PM935 full system WJ200 VFD build

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Active User
H-M Supporter - Gold Member ($25)
Jun 12, 2014
I was asked several weeks ago by a forum member to do a full turn-key VFD build for a 935 that he was planning on ordering. Normally I would decline to do these systems because of the time and complexity, but I have know this individual for a few years and had previously done a control system for his 1340GT lathe. The specifications where that the VFD enclosure would be mounted behind the mill and not directly attached to it. On my mill builds I use a larger metal enclosure which is 12x20x8, the volume being large enough that is does not require venting.

Additional features were momentary buttons for stop and run, forward/reverse rotary switch, auto-reverse triggered by the a proximity sensor, back gear proximity sensor to always maintain the same spindle direction, coolant switch that runs when the spindle is active, 1 and 2 stage braking (reverts to 1 stage for E-Stop), speed control, tachometer (with spindle pick-up), LED ram mounted spindle light ring and momentary snap action buttons for instantaneous spindle operation that can be used for tapping. We opted not to use a toggle switch/joystick as used on the lathe because the danger of accidentally knocking it. The low voltage relay control system is run by a 24VDC fused supply, and a separate fused 12VDC for the tach/LED light ring. There is also provisions for powering additional 12/24VDC systems such as solenoid coolant, other lights, and a separated 120/240VAC on e separate breaker for drives and DRO. The external control wiring uses custom made plug and socket shielded cables for the control pods. There are a few additional features and interlocks within the system, the build time was approximately 4 weeks after all the supplies were in house. All VFD system components are mounted to the back plate so it is removable with the sockets mounted from the rear (in the cabinet).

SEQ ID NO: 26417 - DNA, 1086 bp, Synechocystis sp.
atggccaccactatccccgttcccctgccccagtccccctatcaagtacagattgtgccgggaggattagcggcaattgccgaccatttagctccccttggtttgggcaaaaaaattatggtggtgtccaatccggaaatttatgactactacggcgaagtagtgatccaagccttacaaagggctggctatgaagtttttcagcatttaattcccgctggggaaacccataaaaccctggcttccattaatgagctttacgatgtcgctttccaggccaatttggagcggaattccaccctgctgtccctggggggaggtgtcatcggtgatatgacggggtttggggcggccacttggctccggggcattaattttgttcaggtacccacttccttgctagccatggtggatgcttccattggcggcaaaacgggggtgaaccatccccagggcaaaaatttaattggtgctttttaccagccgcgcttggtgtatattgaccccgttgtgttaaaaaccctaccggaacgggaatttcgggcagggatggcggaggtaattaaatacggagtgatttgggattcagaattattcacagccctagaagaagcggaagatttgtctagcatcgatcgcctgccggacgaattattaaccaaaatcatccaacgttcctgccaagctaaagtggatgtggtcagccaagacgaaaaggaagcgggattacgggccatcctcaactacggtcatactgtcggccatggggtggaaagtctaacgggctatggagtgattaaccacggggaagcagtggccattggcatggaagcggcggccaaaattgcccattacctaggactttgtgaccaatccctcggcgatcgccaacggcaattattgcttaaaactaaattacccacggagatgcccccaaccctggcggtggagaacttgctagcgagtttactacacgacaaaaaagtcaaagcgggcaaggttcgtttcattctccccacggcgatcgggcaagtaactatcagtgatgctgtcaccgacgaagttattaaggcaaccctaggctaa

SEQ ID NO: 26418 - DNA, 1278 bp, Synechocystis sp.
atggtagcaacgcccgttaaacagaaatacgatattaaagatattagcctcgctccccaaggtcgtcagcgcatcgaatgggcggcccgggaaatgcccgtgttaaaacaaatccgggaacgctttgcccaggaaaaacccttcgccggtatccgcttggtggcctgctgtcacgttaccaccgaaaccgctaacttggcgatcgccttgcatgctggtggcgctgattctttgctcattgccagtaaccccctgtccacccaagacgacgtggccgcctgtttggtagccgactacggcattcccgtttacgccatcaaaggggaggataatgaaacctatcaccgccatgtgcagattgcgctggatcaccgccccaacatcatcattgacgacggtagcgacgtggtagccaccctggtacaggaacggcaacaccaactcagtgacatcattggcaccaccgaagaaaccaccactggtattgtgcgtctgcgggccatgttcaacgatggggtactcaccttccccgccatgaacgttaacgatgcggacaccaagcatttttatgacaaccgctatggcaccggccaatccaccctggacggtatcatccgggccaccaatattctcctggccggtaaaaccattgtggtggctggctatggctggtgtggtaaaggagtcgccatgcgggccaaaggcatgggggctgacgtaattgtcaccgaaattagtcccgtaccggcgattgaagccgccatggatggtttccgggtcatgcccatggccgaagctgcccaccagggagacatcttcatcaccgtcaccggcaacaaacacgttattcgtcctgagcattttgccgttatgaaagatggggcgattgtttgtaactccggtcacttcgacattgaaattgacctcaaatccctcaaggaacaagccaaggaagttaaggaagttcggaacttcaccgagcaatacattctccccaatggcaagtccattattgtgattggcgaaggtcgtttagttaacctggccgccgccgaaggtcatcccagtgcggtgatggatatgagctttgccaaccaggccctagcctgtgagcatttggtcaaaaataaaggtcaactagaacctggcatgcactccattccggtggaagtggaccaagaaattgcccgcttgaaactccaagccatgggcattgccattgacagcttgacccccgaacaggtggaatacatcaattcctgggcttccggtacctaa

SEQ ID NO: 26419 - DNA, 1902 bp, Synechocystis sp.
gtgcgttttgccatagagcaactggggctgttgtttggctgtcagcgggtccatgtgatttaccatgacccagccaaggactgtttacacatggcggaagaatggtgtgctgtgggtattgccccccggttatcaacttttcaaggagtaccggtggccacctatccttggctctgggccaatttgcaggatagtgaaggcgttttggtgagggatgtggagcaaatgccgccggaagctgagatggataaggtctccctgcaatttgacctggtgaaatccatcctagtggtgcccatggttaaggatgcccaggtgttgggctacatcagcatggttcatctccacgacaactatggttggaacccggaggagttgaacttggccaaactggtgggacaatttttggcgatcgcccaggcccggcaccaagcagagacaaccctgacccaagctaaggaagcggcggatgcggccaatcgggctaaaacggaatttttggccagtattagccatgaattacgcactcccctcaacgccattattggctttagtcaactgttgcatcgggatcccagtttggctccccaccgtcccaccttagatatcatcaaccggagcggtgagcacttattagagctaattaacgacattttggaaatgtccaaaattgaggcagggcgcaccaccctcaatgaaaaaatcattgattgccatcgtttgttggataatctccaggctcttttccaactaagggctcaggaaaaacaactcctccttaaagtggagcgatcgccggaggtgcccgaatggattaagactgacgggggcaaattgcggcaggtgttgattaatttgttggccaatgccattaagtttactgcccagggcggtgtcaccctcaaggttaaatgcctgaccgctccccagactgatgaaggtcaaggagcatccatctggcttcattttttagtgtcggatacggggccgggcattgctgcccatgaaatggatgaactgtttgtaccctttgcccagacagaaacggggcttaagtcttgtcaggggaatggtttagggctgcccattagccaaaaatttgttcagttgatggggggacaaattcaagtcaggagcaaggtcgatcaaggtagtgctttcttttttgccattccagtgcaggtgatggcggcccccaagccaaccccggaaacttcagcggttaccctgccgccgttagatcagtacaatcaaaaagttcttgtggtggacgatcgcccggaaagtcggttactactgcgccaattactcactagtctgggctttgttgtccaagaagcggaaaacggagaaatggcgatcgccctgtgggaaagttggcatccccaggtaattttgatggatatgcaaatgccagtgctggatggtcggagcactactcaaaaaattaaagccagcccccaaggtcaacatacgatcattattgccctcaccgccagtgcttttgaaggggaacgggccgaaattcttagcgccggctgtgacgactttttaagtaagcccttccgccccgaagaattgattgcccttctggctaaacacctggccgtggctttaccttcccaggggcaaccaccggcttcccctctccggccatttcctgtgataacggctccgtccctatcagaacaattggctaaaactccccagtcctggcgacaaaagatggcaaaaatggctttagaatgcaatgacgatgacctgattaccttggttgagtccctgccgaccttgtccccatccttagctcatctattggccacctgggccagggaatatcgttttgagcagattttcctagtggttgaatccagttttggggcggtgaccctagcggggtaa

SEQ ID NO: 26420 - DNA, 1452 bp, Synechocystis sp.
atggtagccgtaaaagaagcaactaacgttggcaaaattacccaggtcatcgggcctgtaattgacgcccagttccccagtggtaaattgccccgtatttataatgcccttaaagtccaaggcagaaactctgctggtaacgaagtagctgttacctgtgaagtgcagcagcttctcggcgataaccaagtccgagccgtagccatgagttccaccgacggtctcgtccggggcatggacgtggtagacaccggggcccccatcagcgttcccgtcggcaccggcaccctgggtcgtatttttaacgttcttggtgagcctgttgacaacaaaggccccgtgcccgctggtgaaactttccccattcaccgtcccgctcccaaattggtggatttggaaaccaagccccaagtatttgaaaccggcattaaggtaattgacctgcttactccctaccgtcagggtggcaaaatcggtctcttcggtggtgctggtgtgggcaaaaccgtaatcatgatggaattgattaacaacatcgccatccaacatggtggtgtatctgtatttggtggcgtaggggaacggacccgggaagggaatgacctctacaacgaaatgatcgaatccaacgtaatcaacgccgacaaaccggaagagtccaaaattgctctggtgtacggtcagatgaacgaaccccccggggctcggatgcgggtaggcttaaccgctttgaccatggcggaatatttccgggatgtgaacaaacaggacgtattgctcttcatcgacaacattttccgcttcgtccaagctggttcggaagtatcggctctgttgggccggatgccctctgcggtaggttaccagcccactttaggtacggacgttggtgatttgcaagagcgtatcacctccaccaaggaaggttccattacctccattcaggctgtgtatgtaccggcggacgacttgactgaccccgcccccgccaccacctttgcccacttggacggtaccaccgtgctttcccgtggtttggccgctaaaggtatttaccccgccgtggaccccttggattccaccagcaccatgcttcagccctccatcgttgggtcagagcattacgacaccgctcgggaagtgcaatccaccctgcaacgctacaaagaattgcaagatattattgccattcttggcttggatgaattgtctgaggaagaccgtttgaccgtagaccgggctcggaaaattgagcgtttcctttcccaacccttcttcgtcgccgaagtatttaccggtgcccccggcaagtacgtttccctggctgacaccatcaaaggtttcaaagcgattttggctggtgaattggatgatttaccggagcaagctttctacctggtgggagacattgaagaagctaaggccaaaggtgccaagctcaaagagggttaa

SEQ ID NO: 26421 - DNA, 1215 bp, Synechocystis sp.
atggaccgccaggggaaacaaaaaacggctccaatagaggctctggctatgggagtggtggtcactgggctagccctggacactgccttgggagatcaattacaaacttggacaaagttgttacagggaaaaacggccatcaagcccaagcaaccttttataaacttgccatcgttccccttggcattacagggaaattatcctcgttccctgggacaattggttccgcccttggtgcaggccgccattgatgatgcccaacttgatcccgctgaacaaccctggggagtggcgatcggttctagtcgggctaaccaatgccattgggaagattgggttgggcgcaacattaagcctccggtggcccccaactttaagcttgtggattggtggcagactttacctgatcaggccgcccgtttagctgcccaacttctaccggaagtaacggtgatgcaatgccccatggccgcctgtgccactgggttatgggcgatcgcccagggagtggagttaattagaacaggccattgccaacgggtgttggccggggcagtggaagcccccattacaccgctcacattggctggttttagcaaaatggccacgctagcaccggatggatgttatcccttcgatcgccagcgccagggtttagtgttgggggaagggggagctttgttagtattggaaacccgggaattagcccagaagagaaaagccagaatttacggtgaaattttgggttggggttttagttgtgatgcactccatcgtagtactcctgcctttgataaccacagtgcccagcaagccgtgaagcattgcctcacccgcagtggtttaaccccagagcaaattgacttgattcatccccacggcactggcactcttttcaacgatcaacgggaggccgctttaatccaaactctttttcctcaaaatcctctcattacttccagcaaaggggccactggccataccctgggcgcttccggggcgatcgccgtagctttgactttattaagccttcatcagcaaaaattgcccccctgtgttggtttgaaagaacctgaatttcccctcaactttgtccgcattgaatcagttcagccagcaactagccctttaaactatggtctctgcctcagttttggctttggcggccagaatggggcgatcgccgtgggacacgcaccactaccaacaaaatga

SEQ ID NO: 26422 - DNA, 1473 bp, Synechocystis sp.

The speed control is a military grade 3 turn precision pot, the programming allows a speed range of 15-120Hz using the motor 4 pole (1750 RPM) base speed. The motor on the PM935 and the PM949 are the same, it is a 2 speed constant Hp 4 pole low speed and 2 pole high speed (3500 RPM). So there is no limitation in using the motor in its 4 pole setting and the performance of the mill will be better by over speeding the motor on the to 120Hz to give the same high speed range.